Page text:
ATLANTA — A mix of fierce competition and a haggard housing market has conspired to keep cable video in the doldrums, but the industry’s shift to IP video and cloud-based services will help cable operators reestablish video subscriber growth, at least according to Arris Group chairman and CEO Bob Stanzione.
“I think we’re at the brink of sort of a breakthrough,” Stanzione told The Wire at last week’s Society of Cable Telecommunications Engineers’s Cable-Tec Expo in Atlanta. He was among 9,800 attendees at the event, up 6% from a year ago in Orlando, Fla.
Today’s tech trends, he said, remind him of the 1990s, when cable pursued high-speed data and phone services, and then followed with HDTV rollouts. A new class of boxes and gateways, linked to a cloud infrastructure, will “spur growth in the industry,” he predicted.
Arris hopes to seize on this trend following its $2.35-billion April acquisition of Motorola Home (the former General Instrument business). The CEO said Arris’s integration of Motorola Home is “nearly complete on all of the customer-facing aspects of the business.” That includes the combined sales forces as well as the merging of product roadmaps and dealing with product overlaps.
“The work to be done is actually behind the curtain, and that is the [information- technology] infrastructure of the company... We’re not as efficient as we could be,” he added, estimating that this portion of the integration will take another six to nine months to wrap up.
Stanzione has also been making the rounds as Arris — which earlier rolled up cable vendors C-COR, Digeo and BigBand Networks — becomes a more diversified, global company. He spent the last month travelling to Europe, the Far East and Latin America to get a better fix on those markets and to visit with new customers that came out of the Motorola Home deal.
“The cable companies outside the U.S. know about Arris, but a lot of the telcos don’t,” he said.
Arris also has made arrangements with Google to continue using the Motorola brand on cable modems and other consumer-facing devices sold at retail for an additional two years. And it plans to start co-branding products at retail.
“We’ll absolutely stay in retail,” Stanzione said. “I think retail is a business we ought to grow because I think a lot of these in-home devices are going to end up being self-install, and we want to have a retail presence.”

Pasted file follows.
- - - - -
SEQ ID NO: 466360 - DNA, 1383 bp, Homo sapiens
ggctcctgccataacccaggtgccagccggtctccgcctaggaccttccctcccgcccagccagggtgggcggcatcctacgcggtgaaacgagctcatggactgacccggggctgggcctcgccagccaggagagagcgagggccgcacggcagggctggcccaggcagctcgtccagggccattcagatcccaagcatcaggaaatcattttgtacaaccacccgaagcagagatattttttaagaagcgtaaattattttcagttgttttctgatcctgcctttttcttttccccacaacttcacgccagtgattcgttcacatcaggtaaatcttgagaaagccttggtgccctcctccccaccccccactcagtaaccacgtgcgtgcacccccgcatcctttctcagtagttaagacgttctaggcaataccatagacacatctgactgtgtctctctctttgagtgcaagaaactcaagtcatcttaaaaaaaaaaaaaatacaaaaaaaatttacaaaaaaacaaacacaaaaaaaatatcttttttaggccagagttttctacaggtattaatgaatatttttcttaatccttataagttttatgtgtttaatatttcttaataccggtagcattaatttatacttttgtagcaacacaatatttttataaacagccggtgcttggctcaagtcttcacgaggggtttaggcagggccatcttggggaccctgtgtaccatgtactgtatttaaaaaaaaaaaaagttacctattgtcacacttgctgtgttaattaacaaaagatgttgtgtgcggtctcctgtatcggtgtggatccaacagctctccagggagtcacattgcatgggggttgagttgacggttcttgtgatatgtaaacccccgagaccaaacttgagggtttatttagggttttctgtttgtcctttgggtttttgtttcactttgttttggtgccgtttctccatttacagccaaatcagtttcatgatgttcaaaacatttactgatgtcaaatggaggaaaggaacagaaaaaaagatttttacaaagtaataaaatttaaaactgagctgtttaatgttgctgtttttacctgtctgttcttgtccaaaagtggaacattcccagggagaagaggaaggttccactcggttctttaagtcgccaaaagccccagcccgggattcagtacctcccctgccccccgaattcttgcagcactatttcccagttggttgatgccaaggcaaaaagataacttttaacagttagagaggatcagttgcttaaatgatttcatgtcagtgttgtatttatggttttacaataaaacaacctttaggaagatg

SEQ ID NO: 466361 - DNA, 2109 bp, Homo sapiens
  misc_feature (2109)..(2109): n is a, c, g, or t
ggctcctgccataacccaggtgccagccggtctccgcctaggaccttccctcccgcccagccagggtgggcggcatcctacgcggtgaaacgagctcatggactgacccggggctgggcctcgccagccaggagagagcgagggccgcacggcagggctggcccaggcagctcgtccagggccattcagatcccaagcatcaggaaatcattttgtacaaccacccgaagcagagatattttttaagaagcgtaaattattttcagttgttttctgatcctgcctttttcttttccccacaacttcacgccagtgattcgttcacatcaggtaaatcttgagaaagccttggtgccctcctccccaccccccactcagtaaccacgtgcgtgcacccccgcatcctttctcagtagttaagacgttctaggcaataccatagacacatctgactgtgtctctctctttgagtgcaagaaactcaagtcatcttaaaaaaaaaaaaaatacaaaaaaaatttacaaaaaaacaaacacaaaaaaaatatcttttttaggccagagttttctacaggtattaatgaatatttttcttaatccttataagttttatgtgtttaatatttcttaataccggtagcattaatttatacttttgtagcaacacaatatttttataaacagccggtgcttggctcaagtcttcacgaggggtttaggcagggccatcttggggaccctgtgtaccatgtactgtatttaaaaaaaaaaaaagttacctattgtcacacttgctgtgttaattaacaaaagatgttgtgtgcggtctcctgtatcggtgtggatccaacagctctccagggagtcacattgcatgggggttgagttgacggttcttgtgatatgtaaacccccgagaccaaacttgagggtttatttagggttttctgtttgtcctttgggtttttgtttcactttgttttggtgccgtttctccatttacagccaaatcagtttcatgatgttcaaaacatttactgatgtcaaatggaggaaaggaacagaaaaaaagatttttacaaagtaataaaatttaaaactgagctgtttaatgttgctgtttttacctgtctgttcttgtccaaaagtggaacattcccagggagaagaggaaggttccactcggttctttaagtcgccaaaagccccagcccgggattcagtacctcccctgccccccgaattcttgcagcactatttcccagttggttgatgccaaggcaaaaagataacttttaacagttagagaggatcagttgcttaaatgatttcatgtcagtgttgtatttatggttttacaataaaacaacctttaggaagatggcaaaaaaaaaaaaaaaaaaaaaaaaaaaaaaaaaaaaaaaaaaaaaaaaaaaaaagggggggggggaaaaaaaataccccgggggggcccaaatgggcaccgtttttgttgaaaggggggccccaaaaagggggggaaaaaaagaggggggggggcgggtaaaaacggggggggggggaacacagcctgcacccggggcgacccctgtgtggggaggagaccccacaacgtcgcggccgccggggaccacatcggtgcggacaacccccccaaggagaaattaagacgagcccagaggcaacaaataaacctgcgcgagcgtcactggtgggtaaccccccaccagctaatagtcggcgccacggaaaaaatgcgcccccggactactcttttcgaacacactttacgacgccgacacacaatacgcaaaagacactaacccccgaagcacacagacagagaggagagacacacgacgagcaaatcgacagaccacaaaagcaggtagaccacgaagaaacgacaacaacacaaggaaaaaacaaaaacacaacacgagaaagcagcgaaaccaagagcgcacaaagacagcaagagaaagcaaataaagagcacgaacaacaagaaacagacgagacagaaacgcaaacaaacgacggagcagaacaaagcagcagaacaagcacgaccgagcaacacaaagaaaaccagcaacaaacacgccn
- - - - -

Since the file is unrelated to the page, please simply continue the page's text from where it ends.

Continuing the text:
In Praise of C-SPAN, Where the ‘Mad Men’ Of Democracy Reign
AMC Networks president Josh Sapan, the recipient of the Media Institute Freedom of Speech Award, led off his acceptance speech at last week’s awards banquet in Washington with an expletive-punctuated love letter to cable public-affairs network C-SPAN and its founder, Brian Lamb, who presented the award to Sapan.
Sapan was being saluted for such free-speaking, edgy-but-brilliant shows as Mad Men, Breaking Bad and The Walking Dead.
Saying Lamb had done a “beautiful” job of introducing him, Sapan said he had known Lamb for three decades and would “carry on” briefly about C-SPAN, which he proceeded to do.
He called the channel a “breathtaking media construct that makes democracy transparent, freedom of speech resilient, and took those two things, which could have been sort of remote and uninteresting, and made them popular, which is no small feat.”
Because of what CSPAN accomplished, millions watch democracy in action, “which I find pretty marvelous and breathtaking,” Sapan said.
He also said C-SPAN made democracy “so much more engaging and even, occasionally, goddamned riveting.”
NCTA Retains Claim To ‘Internet & TV Association’ Name
The National Cable & Telecommunications Association has amended its patent-office application for a new name — NCTA The Internet & Television Association — and indicated it is still interested in potentially using that new moniker.
On Oct. 16, the NCTA made the necessary changes to the description of the new name to satisfy the U.S. Patent & Trademark Office. Basically what was required was changing “conducting trade shows, seminars and workshops in the field of communications technology, products and services” to “conducting trade shows in the field of communications technology, products and services,” because USPTO said the former was too broad, and making no claim on “Internet & Television Association” outside of its use prefixed by “NCTA,” because the office said it had to.
The NCTA said it had a “bona fide intention to use or use through the applicant’s related company or licensee the mark in commerce on or in connection with the identified goods and/or services as of the filing date of the application,” which was last spring.
The office found no marks that would conflict or bar granting the NCTA the name, so it will likely get it.